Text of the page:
Loretta Lynn, “Wouldn’t It Be Great” (Legacy)

More than five decades into her legendary career, Lynn remains a bracing breath of fresh air on her new album.

Long ago, she mastered the ability to sound genuine no matter what the situation. And Lynn continues that here, whether she is singing about secretly dumping an ashtray into a rival’s beer in the honky-tonk “Ruby’s Stool” or plaintively singing about longing for connection on “I’m Dying for Someone to Live For.”

With the help of producers Patsy Lynn Russell, Lynn’s daughter, and John Carter Cash, son of Johnny and June Carter Cash, she also takes songs from her past and gives them timelier readings. “Coal Miner’s Daughter” has become prouder and more defiant than the original, while the traditional folk song “Lulie Vars,” about a pregnant girl being murdered by her boyfriend, could be a MeToo anthem.

“Wouldn’t It Be Great” was set to be released last year, but was delayed when Lynn suffered a stroke. Its release now marks the Queen of Country’s recovery and proves that her reign is as strong as ever.



Macy Gray, “Ruby” (Mack Avenue)

Back in the day of neo-soul’s gentle, jazzy sway, Gray — a raspy vocalist with a tactile grit that happily grated against the genre’s smooth operations — made a hit with the stammering “I Try,” and never looked back. She almost couldn’t, as that sensuous tune’s rep (and platinum sales) overwhelmed much of her strong catalog going forward. Yet, with her Billie Holliday-ish 2016 covers album, “Stripped,” and her salty, sample-heavy, hard R&B-based “Ruby,” Gray has outrun her pop past without eschewing it.

Still grimy after all these years, Gray and her assembled crew are bluer than usual during large chunks of “Ruby.” While nu-blues axeman Gary Clark Jr. stops by the gospel-tinged “Buddha” to bring eyesight to the blind, the vocalist does the tear-in-the-beer routine proud on the woozily romantic and brassy “Over You” with a lyrical lament (“I haven’t had a drink since my last one/No clouds in my sky, but I’m on one”) that’s ruminative but optimistic.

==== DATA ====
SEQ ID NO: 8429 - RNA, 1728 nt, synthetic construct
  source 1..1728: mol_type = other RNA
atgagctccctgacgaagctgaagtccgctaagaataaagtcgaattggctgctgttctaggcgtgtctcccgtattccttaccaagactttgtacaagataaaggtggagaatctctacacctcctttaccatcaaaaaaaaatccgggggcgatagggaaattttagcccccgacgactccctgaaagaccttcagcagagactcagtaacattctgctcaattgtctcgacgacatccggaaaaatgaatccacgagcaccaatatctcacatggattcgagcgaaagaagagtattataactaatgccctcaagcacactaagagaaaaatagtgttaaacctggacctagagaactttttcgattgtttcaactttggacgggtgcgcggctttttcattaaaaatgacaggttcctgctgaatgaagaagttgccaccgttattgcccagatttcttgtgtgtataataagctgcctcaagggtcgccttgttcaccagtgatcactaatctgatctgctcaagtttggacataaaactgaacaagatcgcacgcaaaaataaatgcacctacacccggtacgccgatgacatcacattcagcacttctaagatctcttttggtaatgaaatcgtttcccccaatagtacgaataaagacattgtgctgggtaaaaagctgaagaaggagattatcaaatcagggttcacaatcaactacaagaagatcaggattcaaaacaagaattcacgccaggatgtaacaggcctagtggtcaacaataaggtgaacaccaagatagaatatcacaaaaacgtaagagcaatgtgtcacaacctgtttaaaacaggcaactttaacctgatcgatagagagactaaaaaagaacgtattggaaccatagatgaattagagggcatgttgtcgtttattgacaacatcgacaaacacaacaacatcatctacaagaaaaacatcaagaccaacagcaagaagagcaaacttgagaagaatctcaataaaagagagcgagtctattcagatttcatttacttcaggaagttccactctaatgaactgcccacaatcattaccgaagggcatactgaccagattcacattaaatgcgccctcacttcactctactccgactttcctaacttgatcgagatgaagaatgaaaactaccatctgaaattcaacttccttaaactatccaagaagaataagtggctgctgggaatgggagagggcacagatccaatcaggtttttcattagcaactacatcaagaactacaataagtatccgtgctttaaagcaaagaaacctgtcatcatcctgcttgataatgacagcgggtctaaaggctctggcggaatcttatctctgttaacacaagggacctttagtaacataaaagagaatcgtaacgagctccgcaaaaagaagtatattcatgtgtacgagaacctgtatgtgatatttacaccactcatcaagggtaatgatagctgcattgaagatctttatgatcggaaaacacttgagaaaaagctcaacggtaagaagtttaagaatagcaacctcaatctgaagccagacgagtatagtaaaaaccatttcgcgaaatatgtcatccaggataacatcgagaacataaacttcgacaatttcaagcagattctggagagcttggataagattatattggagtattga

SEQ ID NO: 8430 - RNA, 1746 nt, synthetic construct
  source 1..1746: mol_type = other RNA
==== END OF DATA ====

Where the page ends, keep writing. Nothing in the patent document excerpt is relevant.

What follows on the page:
Gray might lose a star for the gurgling pop of “Sugar Daddy” with schlocky up-tempo mistress Meghan Trainor, but gains two back during the abrasive “White Man,” with the R&B cut’s bruised take on someone else’s raw racism. And all the while, Gray has never sounded more hurt, more high or more unbound as she riffs, scats, wails and quietly coos her heart out.

A.D. AMOROSI, Philadelphia Inquirer

new releases

• Atmosphere, “Mi Vida Loca”

• Eric Church, “Desperate Man”

• Steve Perry, “Traces”

• T.I., “Dime Trap”

• Twenty One Pilots, “Trench”

• Cat Power, “Wanderer”

• Ghostface Killah, “The Lost Tapes”

• Echo & the Bunnymen, “The Stars, the Oceans & the Moon”

• KT Tunstall, “Wax”